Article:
So has the Indian National Congress failed to capitalise on its foundation?

"Unfortunately, there is nothing Indian or National or Congressional about the Indian National Congress anymore - pardon our reference to the famous quip about the Holy Roman Empire. The Congress is a party that has strayed very far from its roots, which is why the people of India are rejecting it. To remain relevant, the Congress will have to make ideological concessions and reinvent itself," Madhusudan and Mantri said.

An excerpt from the book -- On Kashmir, Pakistan and Karl Popper -- has particularly caught everyone's attention for the juxtaposition of political views it stands to represent.

It says, "There is an inherent tension between, for example, support for absolute free speech and other liberties and the dystopia that may be caused by irrational and possibly violent intolerance of the chronically intolerant. Ideally, we would not like this tension to exist and prefer individual rights to be fully guaranteed by the State at all times. But there are cases where the exercise of such individual rights can lead to the demise of the very State that is supposed to protect these rights. How then does one square the circle once again?" (The excerpt is given at the end of the copy.)

Experts have partly agreed, and begged to differ too. At the same time.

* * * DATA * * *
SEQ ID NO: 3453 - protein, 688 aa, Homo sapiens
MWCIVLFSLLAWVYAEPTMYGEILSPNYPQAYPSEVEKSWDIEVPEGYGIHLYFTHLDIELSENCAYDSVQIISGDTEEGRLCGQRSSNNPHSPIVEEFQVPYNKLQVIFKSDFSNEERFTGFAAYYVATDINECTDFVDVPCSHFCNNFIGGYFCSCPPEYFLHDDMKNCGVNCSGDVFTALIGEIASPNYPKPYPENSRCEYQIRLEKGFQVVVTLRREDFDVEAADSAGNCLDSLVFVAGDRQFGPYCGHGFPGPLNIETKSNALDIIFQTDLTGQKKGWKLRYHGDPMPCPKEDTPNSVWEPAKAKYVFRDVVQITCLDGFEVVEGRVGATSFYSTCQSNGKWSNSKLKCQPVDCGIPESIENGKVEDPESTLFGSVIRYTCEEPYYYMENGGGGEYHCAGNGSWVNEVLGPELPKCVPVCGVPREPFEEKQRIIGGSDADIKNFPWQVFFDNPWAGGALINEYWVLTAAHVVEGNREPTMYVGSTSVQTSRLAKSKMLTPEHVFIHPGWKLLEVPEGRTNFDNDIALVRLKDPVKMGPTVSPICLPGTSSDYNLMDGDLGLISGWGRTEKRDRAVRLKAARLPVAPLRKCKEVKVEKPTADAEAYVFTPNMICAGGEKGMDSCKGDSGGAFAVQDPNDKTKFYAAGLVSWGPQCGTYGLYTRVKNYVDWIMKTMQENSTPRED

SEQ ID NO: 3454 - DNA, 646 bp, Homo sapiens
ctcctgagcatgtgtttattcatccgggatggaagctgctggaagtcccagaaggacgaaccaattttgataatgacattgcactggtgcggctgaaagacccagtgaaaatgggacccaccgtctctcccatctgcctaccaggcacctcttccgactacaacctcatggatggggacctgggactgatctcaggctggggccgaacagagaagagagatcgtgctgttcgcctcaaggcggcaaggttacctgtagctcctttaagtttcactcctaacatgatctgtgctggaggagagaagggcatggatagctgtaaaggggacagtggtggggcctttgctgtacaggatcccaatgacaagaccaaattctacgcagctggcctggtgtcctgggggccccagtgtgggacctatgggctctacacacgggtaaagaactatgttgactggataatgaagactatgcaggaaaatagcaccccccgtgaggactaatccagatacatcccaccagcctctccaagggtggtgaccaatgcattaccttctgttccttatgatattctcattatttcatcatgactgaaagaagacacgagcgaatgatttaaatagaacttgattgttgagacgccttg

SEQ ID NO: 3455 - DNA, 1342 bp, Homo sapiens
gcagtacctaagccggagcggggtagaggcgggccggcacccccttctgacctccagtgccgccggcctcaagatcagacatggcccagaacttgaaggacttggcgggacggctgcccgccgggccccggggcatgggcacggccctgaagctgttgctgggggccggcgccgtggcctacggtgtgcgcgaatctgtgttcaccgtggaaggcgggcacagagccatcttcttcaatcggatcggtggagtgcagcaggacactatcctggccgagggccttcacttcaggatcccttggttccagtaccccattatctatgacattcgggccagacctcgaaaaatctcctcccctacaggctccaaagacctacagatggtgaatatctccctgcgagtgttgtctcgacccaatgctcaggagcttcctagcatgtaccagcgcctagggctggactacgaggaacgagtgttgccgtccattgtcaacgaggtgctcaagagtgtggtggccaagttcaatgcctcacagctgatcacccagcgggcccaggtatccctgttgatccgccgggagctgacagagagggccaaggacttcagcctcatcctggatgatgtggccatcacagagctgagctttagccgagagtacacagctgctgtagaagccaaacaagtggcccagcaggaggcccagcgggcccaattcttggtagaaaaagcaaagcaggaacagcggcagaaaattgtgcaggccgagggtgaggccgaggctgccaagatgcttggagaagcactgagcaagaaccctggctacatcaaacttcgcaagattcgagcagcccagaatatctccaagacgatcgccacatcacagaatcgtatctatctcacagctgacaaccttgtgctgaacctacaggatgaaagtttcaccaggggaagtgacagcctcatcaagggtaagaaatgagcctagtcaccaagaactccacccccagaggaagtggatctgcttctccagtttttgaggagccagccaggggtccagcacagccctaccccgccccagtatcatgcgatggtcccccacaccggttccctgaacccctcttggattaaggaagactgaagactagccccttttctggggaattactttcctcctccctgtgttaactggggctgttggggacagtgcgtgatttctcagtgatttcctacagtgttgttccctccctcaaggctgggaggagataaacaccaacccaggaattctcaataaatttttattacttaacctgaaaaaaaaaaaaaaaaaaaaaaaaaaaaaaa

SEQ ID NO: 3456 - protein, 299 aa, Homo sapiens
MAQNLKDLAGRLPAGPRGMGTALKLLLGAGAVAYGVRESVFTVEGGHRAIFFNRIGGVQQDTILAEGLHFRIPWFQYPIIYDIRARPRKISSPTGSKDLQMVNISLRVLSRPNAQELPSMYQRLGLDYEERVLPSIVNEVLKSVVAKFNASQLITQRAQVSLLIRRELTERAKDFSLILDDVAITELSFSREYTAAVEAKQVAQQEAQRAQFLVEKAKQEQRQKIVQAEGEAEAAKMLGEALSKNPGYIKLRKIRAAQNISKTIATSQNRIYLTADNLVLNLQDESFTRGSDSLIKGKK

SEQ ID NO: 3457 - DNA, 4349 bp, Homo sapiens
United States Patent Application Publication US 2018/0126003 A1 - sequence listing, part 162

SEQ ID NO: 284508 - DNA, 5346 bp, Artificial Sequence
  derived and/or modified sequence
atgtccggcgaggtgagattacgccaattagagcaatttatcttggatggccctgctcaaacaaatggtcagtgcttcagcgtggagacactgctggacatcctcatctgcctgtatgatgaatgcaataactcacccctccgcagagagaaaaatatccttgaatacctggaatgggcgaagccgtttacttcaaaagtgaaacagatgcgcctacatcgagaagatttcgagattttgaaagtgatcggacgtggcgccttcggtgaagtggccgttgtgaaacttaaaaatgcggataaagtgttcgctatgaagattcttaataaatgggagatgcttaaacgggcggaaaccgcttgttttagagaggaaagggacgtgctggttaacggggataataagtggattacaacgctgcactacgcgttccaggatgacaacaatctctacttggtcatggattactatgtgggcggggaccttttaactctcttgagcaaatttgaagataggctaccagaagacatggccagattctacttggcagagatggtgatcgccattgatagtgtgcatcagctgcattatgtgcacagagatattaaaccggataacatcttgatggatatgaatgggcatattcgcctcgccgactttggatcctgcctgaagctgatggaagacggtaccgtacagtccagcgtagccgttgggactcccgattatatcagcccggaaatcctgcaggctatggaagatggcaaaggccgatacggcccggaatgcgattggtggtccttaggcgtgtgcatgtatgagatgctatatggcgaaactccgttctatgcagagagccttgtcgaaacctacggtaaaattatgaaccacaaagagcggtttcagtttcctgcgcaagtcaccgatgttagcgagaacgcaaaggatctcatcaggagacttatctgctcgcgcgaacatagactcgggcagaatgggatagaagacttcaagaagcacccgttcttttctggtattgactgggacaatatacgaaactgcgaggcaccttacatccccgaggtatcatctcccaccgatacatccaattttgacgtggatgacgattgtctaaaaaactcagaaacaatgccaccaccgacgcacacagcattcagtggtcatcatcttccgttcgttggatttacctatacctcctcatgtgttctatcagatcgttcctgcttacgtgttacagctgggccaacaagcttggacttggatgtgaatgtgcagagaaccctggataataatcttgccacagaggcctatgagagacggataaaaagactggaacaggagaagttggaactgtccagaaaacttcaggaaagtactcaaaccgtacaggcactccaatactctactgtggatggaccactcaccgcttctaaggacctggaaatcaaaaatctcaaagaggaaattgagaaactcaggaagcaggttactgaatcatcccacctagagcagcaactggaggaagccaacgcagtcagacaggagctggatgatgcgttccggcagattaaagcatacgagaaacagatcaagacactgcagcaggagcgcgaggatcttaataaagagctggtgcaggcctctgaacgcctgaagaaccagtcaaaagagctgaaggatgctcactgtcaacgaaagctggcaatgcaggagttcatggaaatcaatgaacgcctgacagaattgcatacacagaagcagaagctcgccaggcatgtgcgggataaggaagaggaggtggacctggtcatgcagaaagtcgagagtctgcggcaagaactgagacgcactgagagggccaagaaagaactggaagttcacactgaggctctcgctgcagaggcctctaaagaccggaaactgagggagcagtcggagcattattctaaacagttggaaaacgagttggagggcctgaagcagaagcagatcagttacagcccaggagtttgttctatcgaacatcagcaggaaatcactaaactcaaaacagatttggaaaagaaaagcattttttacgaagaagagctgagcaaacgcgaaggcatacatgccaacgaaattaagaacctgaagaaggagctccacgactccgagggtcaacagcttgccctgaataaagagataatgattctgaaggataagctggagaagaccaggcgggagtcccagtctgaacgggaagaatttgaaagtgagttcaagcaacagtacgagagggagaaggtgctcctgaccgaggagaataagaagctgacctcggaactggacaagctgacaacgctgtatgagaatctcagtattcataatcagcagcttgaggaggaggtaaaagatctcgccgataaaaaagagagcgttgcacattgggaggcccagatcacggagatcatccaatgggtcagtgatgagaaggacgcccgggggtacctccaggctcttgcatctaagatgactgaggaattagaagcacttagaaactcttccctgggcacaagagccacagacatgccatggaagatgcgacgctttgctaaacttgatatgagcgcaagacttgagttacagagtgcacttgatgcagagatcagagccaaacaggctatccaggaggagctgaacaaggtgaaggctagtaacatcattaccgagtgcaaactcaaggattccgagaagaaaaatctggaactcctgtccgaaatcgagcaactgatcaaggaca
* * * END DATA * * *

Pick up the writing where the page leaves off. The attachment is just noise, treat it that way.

To this end, the dynamic authors explained, "Karl Popper is among the greatest philosophers and thinkers of all time, and one of the key ideas he postulated, and which we have presented in the book, is that one should not tolerate those who are intolerant beyond a point. He also talked about historicism but let us focus on the insight that liberalism should not be used to destroy the conditions that enable that liberalism to survive and thrive.

"Admittedly, the question of when the transitional point threatening the openness of societies occurs is subjective, and that is what we try to debate in the book. In most stable areas and normal conditions, where there is no de facto war-like situation, we would like near-absolute freedom of speech alongside an increase in state, policing and judicial capacity. Importantly, the lack of blasphemy and apostasy as concepts in our Dharmic heritage provide strong support for this position."

They added, "But Popper's key point remains that ultimately freedom cannot be used to subvert freedom itself. In 1863, US President Abraham Lincoln suspended habeas corpus during the American Civil War, when he was leading the fight to preserve the American republic and end the scourge of slavery. India too should preserve this civilisational republic of ours and defeat any theocratic or separatist designs that some groups may have. To that extent, it does not matter what some intellectuals or commentators may say here or abroad."

The book 'A New Idea of India' constructs and expounds on a new framework beyond the rough and tumble of partisan politics. It has been authored by Harsh Madhusudan and Rajeev Mantri, and the foreword has been written by Sanjeev Sanyal.

Madhusudan and Mantri's partnership has been over a decade long.